Auckland husband and wife show off world-first life-size crochet wharenui progress

Source: 1News

An Auckland husband and wife duo are showing off a sneak peek of their world-first life-size crochet wharenui, an art installation idea which had been in their imagination for years.

Lissy Cole and Rudi Robinson-Cole's artwork has been inspired by Māori design and created to help people understand mātauranga Māori, or Māori knowledge.

But this time the couple have pushed the boat out after receiving funding from Creative New Zealand to construct what is believed to be a world-first life-sized crochet wharenui, which is a main building of a marae.

This morning, they shared the first sneak peek into the progress of the project.

So far they have two amo, the vertical supports which hold up the structure and are seen at the front of the whare.

Rudi told TVNZ1's Breakfast hundreds of hours went into the two pieces, with the entire project expected to take two-and-a-half years.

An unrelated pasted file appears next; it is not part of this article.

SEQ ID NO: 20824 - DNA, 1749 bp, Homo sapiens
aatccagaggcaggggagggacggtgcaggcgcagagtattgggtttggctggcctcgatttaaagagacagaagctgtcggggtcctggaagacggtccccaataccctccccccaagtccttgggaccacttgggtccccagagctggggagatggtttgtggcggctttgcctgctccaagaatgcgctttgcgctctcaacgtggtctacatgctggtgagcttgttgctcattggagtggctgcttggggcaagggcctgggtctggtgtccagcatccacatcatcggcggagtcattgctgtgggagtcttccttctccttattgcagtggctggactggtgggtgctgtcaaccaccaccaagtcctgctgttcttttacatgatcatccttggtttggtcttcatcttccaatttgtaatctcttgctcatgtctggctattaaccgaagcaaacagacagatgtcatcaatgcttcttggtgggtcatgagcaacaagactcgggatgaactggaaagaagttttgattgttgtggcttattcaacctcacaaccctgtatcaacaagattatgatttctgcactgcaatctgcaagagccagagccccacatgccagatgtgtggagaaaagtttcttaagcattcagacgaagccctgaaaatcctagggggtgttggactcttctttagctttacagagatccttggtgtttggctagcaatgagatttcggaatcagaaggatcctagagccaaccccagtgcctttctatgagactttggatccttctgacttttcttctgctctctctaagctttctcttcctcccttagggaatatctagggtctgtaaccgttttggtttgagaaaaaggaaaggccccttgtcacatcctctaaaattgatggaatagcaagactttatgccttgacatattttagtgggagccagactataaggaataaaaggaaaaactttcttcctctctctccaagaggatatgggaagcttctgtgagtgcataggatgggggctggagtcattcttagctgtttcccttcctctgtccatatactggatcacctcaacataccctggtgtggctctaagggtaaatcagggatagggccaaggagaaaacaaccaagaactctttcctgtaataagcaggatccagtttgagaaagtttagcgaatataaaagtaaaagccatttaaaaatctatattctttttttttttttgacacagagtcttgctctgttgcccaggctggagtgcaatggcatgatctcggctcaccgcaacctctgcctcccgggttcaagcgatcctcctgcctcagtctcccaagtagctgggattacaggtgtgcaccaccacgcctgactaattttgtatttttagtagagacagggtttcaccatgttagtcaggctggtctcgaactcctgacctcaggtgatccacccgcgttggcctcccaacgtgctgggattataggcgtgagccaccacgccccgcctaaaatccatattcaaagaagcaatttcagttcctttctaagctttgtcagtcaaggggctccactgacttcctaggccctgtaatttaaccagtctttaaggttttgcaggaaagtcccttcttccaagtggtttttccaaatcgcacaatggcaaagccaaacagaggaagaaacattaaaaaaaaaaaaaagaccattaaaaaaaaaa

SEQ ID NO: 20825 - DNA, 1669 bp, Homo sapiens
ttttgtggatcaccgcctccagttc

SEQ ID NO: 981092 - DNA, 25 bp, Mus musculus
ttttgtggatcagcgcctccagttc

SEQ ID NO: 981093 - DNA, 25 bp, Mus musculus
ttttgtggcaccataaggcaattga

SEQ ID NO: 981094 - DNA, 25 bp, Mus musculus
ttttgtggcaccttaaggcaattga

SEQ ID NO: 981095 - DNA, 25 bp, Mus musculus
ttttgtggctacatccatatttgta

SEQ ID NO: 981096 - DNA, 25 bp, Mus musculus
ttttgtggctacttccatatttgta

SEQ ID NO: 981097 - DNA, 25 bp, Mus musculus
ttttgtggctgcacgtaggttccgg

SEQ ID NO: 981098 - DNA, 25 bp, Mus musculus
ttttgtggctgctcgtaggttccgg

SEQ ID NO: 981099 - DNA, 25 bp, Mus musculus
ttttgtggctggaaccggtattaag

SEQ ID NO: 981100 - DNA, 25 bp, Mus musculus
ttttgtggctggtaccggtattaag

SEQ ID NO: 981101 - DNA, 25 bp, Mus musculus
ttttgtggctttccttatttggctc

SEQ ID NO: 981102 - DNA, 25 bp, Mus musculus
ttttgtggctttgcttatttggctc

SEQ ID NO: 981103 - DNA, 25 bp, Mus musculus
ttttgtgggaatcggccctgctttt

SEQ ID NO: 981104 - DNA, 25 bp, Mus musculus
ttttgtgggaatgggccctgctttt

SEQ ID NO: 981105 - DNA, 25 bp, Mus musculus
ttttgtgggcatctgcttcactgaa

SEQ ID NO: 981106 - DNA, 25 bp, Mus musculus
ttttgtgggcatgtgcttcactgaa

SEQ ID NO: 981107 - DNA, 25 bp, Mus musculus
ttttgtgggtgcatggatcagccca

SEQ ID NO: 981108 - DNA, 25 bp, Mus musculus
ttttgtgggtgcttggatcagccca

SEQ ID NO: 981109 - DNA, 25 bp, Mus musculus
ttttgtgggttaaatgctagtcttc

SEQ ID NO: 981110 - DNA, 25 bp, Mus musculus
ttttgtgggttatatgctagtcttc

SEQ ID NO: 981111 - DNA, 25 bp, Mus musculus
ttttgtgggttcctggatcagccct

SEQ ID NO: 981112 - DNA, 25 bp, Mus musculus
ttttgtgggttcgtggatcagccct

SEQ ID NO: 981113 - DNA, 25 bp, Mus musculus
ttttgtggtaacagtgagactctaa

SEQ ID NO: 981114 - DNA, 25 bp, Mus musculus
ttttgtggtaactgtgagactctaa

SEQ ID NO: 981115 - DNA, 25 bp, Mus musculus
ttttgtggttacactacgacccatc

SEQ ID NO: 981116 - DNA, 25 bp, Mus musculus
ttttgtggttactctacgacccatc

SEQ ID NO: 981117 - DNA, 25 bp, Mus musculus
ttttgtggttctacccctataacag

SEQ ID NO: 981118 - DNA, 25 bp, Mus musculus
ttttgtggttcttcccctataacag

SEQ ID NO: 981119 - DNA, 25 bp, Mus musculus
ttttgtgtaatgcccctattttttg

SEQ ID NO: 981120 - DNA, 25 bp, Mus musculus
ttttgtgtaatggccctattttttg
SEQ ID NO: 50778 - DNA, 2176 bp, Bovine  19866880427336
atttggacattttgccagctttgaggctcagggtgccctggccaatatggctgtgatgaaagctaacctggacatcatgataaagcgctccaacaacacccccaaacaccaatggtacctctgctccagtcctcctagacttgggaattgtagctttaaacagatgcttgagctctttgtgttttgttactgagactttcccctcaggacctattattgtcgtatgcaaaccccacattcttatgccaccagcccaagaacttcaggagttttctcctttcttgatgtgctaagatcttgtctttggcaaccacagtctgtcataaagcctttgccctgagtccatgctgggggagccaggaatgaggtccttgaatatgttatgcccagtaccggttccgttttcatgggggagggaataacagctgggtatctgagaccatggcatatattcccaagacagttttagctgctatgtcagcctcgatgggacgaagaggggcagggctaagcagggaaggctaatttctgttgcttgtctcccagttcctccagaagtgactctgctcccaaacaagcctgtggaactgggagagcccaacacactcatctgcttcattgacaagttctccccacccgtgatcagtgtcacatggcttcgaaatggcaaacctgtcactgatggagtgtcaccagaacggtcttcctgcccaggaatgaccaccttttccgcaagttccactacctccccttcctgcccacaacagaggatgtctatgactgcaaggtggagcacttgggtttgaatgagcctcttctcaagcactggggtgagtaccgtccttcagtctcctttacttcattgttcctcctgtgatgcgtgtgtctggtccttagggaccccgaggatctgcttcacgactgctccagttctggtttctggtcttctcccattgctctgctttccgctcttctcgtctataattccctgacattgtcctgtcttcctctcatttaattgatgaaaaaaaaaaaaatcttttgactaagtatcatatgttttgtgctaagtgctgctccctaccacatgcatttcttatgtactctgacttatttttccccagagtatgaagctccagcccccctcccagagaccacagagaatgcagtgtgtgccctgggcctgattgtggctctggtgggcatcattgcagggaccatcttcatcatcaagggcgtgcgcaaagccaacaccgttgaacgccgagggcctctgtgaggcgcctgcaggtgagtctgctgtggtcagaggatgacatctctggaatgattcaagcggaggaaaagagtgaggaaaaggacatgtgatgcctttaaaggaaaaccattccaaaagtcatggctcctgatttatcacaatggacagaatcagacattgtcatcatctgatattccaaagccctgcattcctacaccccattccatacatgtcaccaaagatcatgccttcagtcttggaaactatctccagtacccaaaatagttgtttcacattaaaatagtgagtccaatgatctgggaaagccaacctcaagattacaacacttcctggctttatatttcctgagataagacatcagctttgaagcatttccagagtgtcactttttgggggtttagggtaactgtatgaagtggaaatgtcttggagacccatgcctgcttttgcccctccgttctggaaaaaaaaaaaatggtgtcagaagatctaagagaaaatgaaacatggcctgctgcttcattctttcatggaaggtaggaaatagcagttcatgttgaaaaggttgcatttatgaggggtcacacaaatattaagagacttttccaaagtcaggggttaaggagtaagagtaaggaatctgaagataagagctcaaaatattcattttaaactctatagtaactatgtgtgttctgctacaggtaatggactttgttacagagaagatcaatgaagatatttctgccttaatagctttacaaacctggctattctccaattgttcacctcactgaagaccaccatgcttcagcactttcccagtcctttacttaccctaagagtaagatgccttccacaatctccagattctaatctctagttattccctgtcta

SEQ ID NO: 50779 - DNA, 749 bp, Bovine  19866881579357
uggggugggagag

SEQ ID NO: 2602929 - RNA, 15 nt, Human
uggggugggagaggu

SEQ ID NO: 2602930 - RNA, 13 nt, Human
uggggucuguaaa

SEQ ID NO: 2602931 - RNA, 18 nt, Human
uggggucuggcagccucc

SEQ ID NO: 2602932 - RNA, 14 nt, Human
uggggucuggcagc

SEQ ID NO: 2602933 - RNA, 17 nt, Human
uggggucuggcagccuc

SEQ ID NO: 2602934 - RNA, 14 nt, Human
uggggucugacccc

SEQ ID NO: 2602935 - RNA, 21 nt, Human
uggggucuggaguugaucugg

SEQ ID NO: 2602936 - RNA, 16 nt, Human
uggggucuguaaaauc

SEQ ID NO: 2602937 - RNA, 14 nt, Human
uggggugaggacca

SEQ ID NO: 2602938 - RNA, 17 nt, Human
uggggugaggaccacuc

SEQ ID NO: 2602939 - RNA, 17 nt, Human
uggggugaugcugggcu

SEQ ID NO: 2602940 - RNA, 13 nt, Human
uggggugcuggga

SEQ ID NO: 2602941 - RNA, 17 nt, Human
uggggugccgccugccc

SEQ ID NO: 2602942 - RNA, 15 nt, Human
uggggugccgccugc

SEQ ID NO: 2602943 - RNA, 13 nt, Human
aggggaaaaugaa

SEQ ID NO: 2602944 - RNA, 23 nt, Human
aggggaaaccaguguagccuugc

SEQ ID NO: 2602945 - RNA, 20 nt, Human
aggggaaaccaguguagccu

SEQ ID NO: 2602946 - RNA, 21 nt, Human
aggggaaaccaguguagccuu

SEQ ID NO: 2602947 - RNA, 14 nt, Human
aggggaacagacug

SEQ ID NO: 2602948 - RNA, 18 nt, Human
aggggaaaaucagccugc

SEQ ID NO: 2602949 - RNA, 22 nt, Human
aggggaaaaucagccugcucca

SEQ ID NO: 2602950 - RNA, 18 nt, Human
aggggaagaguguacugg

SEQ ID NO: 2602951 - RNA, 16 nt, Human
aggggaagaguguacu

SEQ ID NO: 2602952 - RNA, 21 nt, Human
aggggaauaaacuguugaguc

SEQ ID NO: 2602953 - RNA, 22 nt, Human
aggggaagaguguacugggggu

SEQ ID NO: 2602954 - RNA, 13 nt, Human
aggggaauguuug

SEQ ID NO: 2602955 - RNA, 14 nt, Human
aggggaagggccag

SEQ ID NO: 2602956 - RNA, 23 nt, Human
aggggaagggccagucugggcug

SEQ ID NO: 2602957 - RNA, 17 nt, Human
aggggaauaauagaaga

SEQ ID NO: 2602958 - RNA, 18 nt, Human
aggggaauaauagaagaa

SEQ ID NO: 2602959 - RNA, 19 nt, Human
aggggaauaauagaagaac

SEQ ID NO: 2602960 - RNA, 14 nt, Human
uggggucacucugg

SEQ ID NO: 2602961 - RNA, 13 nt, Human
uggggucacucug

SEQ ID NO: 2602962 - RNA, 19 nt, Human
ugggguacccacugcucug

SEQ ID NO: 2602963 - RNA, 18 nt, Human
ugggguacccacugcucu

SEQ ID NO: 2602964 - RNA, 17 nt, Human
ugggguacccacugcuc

But Lissy added that the duo will be collaborating with local and international artists on the artwork.

"We want as many Māori as possible, and as many people, touching and being involved in our work and in this project in particular," she said.

"We all need joy in our lives and the wharenui is going to be, I guess, the largest expression of this aroha that we have for all of humanity - Māori especially because that's who we are, but also all of humanity. 

"We see this wharenui travelling all throughout Aotearoa then all throughout the world really."

Lissy said she thinks her interest in crochet was sparked about two-and-a-half years ago after seeing work from a US yarn-bomber.

"I really sort of fell into crocheting. I don't actually remember when or what drove me to go by a hook and yarn, but I've always been creative and I must have seen something online that captured my imagination."

Then it didn't take long for Rudi to join in on his wife's passion.

"I had to come on because we're doing a lot of community projects, working with our rangatahi and we have our kaupapa working in the prisons as well, so we're very busy and I think I'm just so blessed and humbled to do mahi with my wife," he said.

Lissy and Rudi will be showcasing more of their work at Fresh Gallery in Ōtara, which opens from 10.30am tomorrow.